The root system of Setaria viridis grass inoculated with A. brasilense developed better and grew more because of associative fixation, with more CO2 fixation and less accumulation of photo-assimilated C in the leaves. This leads to greater growth of plant shoots, more water accumulation, and less stress from C accumulation and metabolism, and more nutrients are taken up by the plant (Pankievicz et al., 2015Pankievicz VCS, Amaral FP, Santos KFDN, Agtuca B, Xu Y, Schueller MJ, Arisi ACM, Steffens MBR, Souza EM, Pedrosa FO, Stacey G, Ferrieri RA. Robust biological nitrogen fixation in a model grass-bacterial association. Plant J. 2015;81:907-19. doi:10.1111/tpj.12777). Bashan et al. (2004)Bashan Y, Holguin G, de-Bashan LE. Azospirillum-plant relationships: physiological, molecular, agricultural, and environmental advances (1997-2003). Can J Microbiol. 2004;50:521-77. doi:10.1139/W04-035 noted that bacteria of the Azospirillum genus produce plant hormones such as indole-acetic acid (IAA), which play an essential role in plant growth. They can improve the uptake of several macro and micronutrients, increasing plant efficiency in using available nutrients, which can help to explain an increase in P and S concentration in leaf tissue (Hungria et al., 2010Hungria M, Campo RJ, Souza SEM, Pedrosa FO. Inoculation with selected strains of Azospirillum brasilense and A. lipoferum improves yields of maize and wheat in Brazil. Plant Soil. 2010;331:413-25. doi:10.1007/s11104-009-0262-0). Another possible explanation for the increase in P concentration in leaves is related to the ability of some endophytic bacteria to promote plant growth through phosphate dissolution (Collavino et al., 2010Collavino MM, Sansberro PA, Mroginski LA, Aguilar OM. Comparison of in vitro solubilization activity of diverse phosphate-solubilizing bacteria native to acid soil and their ability to promote Phaseolus vulgaris growth. Biol Fertil Soils. 2010;46:727-38. doi:10.1007/s00374-010-0480-x).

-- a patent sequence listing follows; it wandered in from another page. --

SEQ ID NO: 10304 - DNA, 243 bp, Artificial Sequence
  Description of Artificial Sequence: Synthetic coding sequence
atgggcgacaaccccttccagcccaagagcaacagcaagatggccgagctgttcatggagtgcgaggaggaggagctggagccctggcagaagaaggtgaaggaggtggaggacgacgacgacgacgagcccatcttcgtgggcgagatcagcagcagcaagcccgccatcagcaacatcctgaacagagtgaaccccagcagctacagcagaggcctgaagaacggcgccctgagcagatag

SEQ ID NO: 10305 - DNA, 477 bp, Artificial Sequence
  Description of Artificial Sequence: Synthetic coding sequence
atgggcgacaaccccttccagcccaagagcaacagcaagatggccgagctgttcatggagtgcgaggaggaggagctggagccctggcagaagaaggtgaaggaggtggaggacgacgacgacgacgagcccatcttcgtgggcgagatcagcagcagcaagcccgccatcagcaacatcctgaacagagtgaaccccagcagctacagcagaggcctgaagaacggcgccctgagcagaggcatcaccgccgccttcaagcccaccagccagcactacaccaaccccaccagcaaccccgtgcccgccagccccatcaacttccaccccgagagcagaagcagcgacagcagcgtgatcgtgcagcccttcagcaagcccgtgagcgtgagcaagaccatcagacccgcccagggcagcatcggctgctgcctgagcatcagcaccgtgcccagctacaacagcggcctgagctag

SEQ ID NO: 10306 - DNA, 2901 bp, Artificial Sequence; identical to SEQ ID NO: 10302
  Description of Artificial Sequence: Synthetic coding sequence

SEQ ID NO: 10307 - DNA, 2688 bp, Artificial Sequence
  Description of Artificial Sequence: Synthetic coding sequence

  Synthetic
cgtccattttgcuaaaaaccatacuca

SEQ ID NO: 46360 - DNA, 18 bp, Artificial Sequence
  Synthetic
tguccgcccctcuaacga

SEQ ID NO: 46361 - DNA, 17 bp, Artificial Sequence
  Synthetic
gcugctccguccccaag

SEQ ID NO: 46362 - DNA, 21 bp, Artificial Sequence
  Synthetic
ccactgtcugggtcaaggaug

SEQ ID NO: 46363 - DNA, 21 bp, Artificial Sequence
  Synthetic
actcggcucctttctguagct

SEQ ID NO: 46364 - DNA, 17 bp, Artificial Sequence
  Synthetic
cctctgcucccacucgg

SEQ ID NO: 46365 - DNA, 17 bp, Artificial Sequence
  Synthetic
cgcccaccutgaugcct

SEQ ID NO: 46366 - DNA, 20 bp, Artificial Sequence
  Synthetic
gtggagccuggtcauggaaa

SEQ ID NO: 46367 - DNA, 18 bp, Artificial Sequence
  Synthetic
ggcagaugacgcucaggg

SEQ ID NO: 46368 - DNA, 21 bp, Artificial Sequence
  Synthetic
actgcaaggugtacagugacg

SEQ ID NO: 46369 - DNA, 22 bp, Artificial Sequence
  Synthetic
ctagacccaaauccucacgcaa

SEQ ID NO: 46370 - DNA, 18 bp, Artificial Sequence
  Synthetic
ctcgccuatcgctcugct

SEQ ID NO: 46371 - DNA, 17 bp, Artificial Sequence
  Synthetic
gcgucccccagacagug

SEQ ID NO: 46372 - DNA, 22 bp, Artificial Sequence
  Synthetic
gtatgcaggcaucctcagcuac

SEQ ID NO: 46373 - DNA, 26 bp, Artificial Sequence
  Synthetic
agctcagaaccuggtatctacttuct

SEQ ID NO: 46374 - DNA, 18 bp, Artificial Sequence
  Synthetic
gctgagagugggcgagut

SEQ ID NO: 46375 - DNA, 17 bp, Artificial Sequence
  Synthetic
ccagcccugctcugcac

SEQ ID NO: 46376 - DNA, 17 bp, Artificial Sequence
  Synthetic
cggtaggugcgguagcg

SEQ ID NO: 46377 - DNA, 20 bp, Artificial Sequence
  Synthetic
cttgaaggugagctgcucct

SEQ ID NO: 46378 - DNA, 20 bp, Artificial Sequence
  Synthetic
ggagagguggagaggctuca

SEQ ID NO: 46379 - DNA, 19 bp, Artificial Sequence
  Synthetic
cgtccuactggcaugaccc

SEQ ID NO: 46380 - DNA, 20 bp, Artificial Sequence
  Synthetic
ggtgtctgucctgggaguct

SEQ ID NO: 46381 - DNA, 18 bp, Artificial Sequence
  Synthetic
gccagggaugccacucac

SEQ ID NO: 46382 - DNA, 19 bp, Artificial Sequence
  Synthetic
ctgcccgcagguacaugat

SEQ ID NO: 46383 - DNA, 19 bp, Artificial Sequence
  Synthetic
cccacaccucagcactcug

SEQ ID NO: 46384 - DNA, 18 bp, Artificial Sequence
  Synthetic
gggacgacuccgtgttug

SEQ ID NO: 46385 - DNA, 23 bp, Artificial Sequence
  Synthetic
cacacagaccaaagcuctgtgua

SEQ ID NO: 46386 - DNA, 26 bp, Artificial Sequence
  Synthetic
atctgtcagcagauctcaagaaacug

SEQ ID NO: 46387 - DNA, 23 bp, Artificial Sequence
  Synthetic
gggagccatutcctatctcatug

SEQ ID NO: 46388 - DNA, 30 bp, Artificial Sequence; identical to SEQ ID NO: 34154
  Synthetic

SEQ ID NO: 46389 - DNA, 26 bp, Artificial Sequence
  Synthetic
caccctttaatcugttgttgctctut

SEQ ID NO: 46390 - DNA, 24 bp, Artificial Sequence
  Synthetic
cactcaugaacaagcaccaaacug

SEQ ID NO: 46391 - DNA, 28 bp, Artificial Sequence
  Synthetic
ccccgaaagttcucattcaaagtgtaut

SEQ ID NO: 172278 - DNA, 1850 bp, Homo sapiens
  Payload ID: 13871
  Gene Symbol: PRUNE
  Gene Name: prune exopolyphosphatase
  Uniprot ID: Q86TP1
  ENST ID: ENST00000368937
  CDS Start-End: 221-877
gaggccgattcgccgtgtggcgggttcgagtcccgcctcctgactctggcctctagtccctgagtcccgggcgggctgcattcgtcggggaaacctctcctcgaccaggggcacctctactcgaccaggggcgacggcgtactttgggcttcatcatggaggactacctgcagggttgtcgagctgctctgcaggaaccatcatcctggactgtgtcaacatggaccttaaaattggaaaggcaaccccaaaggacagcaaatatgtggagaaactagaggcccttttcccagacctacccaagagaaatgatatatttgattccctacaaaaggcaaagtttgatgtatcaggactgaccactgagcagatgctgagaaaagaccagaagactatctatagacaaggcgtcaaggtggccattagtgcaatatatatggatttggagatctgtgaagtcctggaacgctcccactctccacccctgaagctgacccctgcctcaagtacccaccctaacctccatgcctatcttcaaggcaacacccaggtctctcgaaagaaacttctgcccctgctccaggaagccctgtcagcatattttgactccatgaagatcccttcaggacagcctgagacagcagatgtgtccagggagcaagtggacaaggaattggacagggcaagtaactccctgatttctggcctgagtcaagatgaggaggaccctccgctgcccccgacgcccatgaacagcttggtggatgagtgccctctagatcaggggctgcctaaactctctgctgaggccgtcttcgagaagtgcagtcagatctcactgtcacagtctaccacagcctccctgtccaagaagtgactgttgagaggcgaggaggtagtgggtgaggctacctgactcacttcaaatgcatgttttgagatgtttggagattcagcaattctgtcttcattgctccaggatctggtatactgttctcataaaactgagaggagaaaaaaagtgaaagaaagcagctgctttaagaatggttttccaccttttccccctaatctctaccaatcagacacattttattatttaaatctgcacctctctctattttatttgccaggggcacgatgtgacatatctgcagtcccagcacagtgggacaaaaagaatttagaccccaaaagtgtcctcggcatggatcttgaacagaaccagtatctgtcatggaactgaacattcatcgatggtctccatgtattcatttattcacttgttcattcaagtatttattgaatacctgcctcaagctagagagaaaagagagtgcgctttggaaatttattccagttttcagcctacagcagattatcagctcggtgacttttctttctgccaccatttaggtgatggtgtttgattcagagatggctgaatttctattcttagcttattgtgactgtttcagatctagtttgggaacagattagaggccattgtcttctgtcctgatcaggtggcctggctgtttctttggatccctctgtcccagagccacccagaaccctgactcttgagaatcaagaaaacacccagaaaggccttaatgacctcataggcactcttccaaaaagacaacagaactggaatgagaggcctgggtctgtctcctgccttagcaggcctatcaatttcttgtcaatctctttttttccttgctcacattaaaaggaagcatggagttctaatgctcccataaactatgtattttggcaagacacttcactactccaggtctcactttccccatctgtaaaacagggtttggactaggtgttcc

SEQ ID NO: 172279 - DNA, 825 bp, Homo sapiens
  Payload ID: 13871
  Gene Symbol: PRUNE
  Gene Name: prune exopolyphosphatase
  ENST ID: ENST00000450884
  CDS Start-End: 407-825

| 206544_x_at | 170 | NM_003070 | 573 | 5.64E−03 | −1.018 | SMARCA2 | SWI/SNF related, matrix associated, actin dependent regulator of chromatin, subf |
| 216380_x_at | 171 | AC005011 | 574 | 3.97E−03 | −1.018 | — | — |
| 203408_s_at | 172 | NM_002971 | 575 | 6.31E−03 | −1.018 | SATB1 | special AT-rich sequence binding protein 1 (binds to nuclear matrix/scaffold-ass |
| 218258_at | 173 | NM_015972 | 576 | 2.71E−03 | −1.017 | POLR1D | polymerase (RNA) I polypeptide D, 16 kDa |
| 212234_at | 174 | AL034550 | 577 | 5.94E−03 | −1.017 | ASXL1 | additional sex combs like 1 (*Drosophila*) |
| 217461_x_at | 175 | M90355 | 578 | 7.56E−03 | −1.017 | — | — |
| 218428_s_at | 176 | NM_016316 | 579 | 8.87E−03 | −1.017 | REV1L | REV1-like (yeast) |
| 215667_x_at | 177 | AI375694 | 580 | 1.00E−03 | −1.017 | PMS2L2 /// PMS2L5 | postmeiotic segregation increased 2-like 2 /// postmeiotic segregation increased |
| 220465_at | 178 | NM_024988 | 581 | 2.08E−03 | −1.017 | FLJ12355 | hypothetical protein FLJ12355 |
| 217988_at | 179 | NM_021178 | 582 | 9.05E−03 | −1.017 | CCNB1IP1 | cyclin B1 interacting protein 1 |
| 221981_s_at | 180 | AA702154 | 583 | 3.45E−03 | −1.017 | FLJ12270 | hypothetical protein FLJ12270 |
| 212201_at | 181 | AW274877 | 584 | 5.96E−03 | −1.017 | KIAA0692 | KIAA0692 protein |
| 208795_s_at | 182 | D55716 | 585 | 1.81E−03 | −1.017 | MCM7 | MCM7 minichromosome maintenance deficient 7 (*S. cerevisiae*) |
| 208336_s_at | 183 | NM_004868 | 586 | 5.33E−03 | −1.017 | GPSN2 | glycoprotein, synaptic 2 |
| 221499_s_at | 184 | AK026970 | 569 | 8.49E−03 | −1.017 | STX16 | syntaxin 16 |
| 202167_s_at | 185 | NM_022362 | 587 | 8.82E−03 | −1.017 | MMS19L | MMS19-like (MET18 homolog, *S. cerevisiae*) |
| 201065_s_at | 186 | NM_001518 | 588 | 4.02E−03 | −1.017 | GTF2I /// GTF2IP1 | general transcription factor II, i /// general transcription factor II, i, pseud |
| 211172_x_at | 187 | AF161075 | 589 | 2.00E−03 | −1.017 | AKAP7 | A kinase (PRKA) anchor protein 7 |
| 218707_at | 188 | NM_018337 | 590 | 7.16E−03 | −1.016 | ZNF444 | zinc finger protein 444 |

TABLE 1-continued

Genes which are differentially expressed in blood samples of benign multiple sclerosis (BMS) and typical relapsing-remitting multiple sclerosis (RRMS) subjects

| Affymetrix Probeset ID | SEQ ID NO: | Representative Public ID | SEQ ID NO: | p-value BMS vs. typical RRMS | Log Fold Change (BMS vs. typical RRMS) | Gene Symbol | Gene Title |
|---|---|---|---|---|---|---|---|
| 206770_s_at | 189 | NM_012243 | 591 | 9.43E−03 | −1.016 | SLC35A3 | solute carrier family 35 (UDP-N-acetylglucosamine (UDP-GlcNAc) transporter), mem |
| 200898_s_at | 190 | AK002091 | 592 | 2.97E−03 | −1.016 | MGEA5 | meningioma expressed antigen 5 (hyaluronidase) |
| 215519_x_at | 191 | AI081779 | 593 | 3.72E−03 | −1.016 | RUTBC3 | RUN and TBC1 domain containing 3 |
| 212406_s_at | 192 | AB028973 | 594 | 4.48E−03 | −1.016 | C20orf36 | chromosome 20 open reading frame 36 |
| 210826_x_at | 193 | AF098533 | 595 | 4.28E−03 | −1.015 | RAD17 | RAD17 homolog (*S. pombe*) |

Inoculation of bacteria with the ability to dissolve phosphate in the soil means there may be dissolved or precipitated P in a form which the plant is not able to take up (non-labile P), and this may result in greater nutrient concentration in the shoots, with better plant development and productive capacity (Canbolat et al., 2009Canbolat MY, Bilen S, Cakmakci RS, Ahin F, Aydin A. Effect of plant growth-promoting bacteria and soil compaction on barley seedling growth, nutrient uptake, soil properties and rhizosphere microflora. Biol Fertil Soils. 2009;42:350-7. doi:10.1007/s00374-005-0034-9; Dias et al., 2009Dias ACF, Costa FEC, Andreote FD, Lacava PT, Teixeira MA, Assunção LC, Araujo WL, Azevedo JL, Melo IS. Isolation of micropropagated strawberry endophytic bacteria and assessment of their potential for plant growth promotion. World J Microbiol Biotechnol. 2009;25:189-95. doi:10.1007/s11274-008-9878-0).

Sulfur oxidation is one of several microbiological and biochemical transformation processes by bacteria that live in the soil. This may cause an increase in SO42− availability to plants and a decrease in soil pH (Moreira and Siqueira, 2002Moreira FMS. Siqueira JO. Microbiologia e bioquímica do solo. Lavras: Universidade Federal de Lavras; 2002.; Stamford et al., 2005Stamford NP, Stamford TLM, Andrade DEGT, Michereff SJ. Microbiota dos solos tropicais. In: Michereff SJ, Andrade DEGT, Menezes M, editores. Ecologia e manejo de patógenos radiculares em solos tropicais. Recife: Universidade Federal de Pernambuco; 2005. p.61-93.). This may increase the solubility of inorganic P compounds and reduce sulfate, culminating in SO42− losses in the soil. This would probably lead to the uptake and concentration of these nutrients in leaves, corroborating the results observed in this study.